Tomorrow morning we depart for Latitude, a music festival two hours or so northeast of London that's supposed to be family friendly. We will be taking the caravan, and camping there for the weekend. I've been on deadline this week and Daniel's been looking after the girls, so we are not really prepared to go. We'll have to clean the caravan when we get there. Somewhere on its trip from Galveston, Texas to Southampton, England, the Airstream seems to have lost the tent, table and amazing Coleman chairs we had packed in it. It seems that customs couldn't figure out the latching system on one of the closets, because the door got bashed in. Maybe they wanted some camping equipment as well? Daniel's bought a generator, two water tanks (one for clean water and one for grey), plus a watertight bucket so we can use the toilets. Glamorous this is not going to be. But hopefully we'll have some fun. Stay tuned, we'll post some thoughts and photos on Monday. http://www.latitudefestival.co.uk/home/
We actually have a sort of Big Plan for the trailer. Well, maybe it's more accurate to call it a medium-sized plan.
We're hoping to rent it out as a prop/location thing, assuming that movie/ad/TV/fashion people will pay us a little bit of money for the privilege of photographing and filming it. My friend Andrea thinks he can knock up a website powered by the blog, and maybe someone nice can take some photos.
Funnily enough, there is Another Airstream in the area. It's a big huge Airstream bus, rather than a trailer. It's all pimped out on the inside, so the owners are able to rent it out to PR and fashion people. Ours probably won't get that fancy. But it sure is cute.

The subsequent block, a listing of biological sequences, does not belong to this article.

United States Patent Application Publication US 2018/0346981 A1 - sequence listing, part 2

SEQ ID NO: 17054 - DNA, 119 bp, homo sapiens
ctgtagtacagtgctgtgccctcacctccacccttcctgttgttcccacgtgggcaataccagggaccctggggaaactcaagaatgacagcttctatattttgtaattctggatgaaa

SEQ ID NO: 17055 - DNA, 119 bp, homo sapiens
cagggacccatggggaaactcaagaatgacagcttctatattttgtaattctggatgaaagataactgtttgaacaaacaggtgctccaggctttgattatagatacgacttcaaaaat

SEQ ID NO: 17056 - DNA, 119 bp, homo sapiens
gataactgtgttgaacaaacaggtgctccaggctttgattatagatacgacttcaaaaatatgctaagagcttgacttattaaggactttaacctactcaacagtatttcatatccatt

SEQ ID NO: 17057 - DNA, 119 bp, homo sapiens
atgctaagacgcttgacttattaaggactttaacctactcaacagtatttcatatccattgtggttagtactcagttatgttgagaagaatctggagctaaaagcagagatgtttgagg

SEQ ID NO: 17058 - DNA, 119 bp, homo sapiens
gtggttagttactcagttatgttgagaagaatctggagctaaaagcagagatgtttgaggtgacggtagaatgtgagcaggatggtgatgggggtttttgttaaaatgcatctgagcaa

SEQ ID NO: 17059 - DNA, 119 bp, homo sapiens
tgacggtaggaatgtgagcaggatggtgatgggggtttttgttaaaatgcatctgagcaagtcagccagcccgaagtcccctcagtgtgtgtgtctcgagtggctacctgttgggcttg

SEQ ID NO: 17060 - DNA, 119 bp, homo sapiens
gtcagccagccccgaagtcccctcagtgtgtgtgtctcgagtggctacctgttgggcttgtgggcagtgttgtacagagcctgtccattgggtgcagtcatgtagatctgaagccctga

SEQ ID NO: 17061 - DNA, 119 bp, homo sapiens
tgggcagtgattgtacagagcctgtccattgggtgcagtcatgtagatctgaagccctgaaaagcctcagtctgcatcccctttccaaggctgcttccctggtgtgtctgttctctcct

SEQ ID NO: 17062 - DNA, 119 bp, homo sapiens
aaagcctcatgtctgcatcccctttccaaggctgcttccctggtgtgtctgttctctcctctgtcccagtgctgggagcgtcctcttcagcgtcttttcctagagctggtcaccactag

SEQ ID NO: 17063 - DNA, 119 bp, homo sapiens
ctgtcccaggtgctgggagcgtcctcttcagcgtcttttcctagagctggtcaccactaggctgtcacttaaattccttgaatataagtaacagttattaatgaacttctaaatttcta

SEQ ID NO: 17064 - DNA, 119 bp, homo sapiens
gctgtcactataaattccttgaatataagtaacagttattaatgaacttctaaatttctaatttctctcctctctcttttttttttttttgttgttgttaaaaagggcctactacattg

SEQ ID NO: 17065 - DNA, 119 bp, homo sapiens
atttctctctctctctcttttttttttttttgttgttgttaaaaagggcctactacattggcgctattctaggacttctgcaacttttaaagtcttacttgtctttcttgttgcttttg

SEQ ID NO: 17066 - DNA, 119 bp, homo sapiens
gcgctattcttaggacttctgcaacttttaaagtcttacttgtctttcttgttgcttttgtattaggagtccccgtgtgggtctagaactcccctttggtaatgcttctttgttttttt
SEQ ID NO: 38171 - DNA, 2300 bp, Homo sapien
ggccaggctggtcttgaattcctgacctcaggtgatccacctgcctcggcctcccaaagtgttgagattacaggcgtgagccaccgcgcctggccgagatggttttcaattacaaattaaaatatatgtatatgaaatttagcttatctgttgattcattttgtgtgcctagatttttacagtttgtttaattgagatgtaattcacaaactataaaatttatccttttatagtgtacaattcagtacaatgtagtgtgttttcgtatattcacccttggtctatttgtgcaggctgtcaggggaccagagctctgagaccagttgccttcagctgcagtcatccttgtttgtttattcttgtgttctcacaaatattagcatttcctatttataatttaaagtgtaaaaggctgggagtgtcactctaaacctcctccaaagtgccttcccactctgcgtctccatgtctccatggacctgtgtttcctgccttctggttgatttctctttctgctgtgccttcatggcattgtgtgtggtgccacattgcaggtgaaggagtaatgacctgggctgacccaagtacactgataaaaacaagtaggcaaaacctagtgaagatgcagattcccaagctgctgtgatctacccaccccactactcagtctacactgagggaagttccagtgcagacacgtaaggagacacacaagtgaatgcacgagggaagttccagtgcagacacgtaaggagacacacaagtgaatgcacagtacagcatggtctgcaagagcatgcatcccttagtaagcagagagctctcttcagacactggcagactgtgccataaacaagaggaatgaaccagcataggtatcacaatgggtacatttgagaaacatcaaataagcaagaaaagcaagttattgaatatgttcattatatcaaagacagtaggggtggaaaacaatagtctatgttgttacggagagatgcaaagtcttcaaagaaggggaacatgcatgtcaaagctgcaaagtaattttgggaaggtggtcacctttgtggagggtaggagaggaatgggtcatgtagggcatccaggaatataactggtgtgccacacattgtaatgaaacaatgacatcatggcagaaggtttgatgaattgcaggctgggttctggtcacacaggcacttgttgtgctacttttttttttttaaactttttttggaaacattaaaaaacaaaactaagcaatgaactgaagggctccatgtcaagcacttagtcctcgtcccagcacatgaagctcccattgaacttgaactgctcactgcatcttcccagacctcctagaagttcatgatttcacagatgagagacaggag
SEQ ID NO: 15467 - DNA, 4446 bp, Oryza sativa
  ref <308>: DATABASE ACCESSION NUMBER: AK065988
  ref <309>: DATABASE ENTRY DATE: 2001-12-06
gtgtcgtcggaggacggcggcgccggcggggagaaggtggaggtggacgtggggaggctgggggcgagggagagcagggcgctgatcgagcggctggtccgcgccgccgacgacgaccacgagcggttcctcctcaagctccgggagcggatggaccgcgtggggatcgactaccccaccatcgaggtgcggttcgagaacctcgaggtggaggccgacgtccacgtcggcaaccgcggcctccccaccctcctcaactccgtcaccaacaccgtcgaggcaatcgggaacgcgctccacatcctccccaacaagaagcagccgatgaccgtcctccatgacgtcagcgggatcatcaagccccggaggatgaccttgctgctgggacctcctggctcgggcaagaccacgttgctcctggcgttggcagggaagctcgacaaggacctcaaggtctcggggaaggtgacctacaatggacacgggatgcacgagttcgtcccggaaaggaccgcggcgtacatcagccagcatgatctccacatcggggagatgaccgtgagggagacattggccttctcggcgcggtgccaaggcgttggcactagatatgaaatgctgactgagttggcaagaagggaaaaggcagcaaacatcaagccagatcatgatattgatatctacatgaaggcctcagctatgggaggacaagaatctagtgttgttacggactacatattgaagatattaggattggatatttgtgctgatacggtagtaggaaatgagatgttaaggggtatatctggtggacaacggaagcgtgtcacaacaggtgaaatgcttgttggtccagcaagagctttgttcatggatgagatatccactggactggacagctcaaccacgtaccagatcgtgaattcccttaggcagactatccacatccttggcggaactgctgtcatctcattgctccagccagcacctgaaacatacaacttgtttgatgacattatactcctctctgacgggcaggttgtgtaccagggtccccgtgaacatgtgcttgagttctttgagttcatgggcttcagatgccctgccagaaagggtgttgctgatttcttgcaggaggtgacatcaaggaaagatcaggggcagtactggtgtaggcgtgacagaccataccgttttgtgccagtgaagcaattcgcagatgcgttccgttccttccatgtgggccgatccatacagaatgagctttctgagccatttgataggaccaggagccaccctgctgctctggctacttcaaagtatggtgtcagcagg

We've gotten it back. The Airstream is once again ours for real, it's jumped back out of the blog and re-entered our lives.
Sophia asked if she could scream for joy, and we said yes. So she let out a few of her trademark screams, which were quickly echoed by Lulu.
Darren at ARC Airstreams gave us a quick rundown of how all the new parts worked, and then explained that he had gotten the electricity and gas to work (yippee!).
Two funny things happened on the trip back from Taunton to London:
- we saw Daniel's brother Tim on the highway. Have you EVER seen someone you know on the highway?! And if it does happen, is it a sibling who just happens to be going the same way at the same time, halfway across the country? Of course, Tim being Tim, he just smiled, waved and kept driving - as though that were a totally normal situation. It's good to know he's finally seen the trailer, the star of so many of our stories.
- during our one stop, at a rest area, a guy asked Daniel if he could buy the trailer from us. He and his lady friend had been staring at the thing when Daniel came back to the car, so they got chatting. Daniel said we didn't know how committed we really were, so the guy said "Great, I'll buy it from you at the end of the summer".
Amazingly, we (meaning Daniel) managed to back it into his workshop parking lot, and then into a single parking space. The UK hitch includes a small wheel, which allows a person to pull/push the trailer into an ideal position. This came in very handy tonight, with Daniel using that method in between two separate car-hitch manoeuvres.
So we missed the second half of the World Cup final, which Spain ended up winning 1-0 in extra time. Yey, España! (We wanted you to win). But we parked the Airstream, which is also a major feat.
Are we crazy? We suspect that we might be. But it's pretty cool to have our Airstream back. And it does look mighty nice with our new, used Nissan Pathfinder (check out that grille).
Can that sense of the American open road be exported to England? Will our Airstream even fit on the roads over here? Is there space for an (offensive) SUV + 1966 Caravel at gas stations? Where are we going to park the darn thing?
These questions and so many more will soon be answered: we are finally picking up our beloved shiny silver trailer this weekend.